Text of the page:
BANGKOK — The faithful prayed by the thousands, hands and faces washed at communal taps to signify their purity. They crowded around platters on the floor, scooping up coconut rice with their right hands in the traditional way. And they slept in the mosque or in tents set up in the religious compound, rows of pilgrims from nearly 30 countries, gathered in Malaysia for spiritual renewal.

Three weeks later, participants in the 16,000-strong gathering of the world’s biggest Islamic missionary movement had spread the coronavirus to half a dozen nations, creating the largest known viral vector in Southeast Asia.

More than 620 people connected to the four-day conclave have tested positive in Malaysia, prompting the country to seal its borders until the end of the month. Most of the 73 coronavirus cases in Brunei are tied to the gathering, as are 10 cases in Thailand. At least three coronavirus deaths have been linked to the event.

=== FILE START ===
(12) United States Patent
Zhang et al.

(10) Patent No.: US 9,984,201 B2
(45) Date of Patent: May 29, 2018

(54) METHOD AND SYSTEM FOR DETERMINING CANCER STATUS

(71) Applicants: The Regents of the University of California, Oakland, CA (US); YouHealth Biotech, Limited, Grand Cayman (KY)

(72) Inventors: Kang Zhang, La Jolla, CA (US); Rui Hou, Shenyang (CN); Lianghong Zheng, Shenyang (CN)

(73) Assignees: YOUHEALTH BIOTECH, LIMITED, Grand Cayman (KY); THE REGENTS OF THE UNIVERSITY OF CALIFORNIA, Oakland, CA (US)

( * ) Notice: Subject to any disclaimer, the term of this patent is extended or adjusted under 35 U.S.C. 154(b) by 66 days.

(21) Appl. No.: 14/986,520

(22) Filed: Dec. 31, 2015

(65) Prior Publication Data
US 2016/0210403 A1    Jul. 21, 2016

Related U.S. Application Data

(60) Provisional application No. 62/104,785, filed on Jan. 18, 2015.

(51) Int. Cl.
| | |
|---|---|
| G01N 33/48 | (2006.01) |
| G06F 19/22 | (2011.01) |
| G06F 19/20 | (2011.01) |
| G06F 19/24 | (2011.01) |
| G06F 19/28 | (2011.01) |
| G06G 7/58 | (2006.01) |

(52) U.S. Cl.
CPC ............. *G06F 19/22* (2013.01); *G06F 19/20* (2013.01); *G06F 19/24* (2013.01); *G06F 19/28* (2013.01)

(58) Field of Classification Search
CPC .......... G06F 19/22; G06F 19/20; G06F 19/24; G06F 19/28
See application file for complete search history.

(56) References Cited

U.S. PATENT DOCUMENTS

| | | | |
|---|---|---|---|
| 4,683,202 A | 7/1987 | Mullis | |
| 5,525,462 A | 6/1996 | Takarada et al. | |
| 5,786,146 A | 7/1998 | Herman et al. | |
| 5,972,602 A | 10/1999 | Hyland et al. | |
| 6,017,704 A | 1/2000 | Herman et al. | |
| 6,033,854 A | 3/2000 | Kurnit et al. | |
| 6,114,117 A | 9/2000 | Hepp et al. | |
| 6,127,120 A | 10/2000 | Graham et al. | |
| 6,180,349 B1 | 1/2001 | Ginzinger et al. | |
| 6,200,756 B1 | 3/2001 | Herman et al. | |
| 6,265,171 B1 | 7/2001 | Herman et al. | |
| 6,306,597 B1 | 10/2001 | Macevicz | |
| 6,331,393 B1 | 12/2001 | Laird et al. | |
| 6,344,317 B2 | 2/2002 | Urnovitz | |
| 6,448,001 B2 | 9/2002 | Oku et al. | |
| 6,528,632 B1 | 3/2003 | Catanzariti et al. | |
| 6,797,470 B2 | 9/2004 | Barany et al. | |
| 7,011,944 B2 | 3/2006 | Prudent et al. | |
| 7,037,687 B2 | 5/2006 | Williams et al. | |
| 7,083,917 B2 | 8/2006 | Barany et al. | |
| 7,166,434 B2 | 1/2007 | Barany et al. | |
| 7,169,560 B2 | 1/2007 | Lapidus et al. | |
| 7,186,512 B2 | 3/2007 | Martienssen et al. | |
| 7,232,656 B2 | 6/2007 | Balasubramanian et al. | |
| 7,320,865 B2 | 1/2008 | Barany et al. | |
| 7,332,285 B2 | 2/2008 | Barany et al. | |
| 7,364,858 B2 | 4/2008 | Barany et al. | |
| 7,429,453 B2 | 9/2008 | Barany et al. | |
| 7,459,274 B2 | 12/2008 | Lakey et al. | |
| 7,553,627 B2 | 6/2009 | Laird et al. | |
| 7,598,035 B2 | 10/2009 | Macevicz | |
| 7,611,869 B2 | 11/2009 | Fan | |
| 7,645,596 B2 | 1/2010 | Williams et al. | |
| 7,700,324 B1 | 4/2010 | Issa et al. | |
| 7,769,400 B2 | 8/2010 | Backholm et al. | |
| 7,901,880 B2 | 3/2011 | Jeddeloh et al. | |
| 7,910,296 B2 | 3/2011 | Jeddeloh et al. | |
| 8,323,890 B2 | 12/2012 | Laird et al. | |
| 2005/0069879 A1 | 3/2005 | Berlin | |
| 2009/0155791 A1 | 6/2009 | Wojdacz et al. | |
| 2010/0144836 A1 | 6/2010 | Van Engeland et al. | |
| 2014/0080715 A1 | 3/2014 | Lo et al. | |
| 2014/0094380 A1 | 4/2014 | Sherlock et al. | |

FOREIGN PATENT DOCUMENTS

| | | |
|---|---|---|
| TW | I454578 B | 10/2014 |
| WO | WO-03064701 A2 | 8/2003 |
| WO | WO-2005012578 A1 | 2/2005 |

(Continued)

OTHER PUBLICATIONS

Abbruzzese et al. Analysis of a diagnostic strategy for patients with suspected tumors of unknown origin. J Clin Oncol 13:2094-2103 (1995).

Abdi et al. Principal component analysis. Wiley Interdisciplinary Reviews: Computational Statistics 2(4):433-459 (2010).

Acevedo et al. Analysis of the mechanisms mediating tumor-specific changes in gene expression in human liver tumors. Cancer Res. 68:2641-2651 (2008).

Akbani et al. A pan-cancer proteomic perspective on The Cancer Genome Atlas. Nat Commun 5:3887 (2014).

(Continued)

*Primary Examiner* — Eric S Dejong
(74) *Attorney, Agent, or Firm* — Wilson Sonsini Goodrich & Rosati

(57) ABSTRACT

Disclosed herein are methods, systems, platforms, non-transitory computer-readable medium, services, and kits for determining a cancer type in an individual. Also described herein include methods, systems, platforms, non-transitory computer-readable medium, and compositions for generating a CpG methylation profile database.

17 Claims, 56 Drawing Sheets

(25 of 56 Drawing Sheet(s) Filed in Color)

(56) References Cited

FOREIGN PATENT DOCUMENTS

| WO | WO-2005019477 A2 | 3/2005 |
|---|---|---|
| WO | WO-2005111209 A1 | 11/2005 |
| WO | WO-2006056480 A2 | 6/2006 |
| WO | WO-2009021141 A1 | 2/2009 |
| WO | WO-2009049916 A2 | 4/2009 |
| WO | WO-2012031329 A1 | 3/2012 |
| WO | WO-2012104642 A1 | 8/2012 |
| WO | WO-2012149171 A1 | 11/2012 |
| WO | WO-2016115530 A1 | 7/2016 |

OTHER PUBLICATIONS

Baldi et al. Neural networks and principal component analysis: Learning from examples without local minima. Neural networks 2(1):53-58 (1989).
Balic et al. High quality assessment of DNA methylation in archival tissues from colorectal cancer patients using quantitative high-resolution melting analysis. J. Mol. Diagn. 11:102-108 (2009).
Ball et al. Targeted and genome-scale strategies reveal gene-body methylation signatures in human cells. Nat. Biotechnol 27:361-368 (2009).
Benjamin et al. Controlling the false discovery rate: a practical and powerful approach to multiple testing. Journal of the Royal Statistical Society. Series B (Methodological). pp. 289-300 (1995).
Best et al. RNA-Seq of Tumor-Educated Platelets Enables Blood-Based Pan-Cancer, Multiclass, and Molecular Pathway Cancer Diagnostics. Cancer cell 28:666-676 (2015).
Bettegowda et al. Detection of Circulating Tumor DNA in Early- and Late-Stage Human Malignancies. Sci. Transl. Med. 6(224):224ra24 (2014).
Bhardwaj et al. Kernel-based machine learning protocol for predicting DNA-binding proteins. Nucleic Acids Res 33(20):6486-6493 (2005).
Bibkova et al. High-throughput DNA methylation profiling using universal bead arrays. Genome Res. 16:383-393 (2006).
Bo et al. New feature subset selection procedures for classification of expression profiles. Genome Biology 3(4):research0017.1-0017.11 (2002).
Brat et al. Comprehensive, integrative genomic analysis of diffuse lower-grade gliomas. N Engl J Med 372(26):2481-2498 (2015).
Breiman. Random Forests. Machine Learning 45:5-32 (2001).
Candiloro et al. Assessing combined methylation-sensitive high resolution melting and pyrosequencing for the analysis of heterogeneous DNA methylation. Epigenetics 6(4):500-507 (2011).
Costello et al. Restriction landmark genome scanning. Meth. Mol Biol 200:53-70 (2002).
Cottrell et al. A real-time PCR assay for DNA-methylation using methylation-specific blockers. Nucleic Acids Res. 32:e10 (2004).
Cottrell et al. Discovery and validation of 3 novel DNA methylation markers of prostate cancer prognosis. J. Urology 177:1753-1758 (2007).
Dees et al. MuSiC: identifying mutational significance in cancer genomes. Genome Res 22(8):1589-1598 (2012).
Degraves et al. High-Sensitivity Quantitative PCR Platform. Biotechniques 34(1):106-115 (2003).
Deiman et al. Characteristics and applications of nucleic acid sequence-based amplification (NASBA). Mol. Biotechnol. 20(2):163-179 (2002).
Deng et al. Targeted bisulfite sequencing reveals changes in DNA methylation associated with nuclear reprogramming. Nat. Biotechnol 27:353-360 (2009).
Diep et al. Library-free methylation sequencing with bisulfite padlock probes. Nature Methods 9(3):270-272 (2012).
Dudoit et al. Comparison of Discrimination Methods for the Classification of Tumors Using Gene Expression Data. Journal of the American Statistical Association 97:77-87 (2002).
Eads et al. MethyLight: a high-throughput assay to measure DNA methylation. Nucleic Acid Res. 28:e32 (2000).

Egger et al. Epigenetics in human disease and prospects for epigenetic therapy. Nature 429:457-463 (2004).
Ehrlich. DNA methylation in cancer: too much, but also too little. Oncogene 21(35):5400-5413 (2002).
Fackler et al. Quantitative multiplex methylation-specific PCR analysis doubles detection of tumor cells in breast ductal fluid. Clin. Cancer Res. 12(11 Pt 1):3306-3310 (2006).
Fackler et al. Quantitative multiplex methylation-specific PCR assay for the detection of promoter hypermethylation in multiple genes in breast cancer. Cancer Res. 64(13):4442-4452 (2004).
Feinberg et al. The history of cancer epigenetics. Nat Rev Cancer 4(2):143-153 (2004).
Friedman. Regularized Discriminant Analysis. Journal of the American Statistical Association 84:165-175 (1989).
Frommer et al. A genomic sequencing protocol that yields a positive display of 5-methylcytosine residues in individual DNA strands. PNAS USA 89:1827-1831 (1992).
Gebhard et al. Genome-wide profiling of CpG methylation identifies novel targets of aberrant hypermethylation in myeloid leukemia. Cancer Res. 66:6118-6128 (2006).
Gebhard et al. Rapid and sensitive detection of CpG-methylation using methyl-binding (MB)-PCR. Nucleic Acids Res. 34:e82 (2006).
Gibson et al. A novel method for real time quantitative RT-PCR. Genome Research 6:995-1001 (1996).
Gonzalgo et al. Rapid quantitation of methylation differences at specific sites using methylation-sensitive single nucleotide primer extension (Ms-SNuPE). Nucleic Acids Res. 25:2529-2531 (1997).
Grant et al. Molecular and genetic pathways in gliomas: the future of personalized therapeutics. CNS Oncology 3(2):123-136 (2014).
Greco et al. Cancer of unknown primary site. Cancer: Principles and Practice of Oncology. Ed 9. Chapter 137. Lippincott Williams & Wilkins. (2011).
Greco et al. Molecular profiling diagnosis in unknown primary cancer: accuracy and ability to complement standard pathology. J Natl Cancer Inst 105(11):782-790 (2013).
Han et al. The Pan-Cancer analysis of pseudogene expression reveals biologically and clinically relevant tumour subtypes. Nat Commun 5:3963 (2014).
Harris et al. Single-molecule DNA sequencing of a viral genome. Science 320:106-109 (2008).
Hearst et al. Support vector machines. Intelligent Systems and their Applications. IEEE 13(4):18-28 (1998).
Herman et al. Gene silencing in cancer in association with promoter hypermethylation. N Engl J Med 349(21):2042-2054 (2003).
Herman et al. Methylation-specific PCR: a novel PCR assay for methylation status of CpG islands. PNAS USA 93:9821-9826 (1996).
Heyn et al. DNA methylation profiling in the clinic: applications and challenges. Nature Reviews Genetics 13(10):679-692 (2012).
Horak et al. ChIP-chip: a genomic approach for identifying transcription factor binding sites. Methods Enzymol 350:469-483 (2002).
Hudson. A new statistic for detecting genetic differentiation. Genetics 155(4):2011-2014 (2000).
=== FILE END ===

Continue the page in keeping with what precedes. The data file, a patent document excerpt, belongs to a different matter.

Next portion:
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The fight ahead isn't only just against a virus, but also against superstitions.

Superstitions ....yes...why selectively India........it is practiced everywhere.....every religion.

Superstitions and plots behind the coronavirus outbreak in the Middle East

For a Saudi intellectual, the virus is the work of Qatar to block Saudi Arabia’s Vision 2030 plan. An ultra-Orthodox rabbi sees signs of the "coming of the Messiah" in the epidemic. Others hand out Corona beer to the faithful, asking them to drink and pray. The al-Aqsa mosque compound is disinfected, whilst the Church of the Nativity is closed.

Jerusalem (AsiaNews/Agencies) – The coronavirus emergency in the Middle East has further highlighted regional tensions amid revived many superstition and messianic theories. At a practical level, Jewish, Muslim and Christian religious leaders are taking steps to change worshippers’ behaviour in order to counter the spread of the epidemic.

For some influential political figures in the region, Covid-19 is a weapon fuelling regional rivalries or attempts to counter the rise of rivals. Noura al-Moteari, Saudi journalist and intellectual, tweeted that the virus and its spread are an attempt by Qatar to undermine Saudi Arabia’s upcoming Expo 2020 and its Vision 2030 plan. His tweet generated thousands of comments, some positive, others negative.

In the Holy Land, Israeli rabbis, Palestinian imams and Christian leaders have been using their influence with the faithful for days, to get them to comply with preventive health instructions set by the authorities.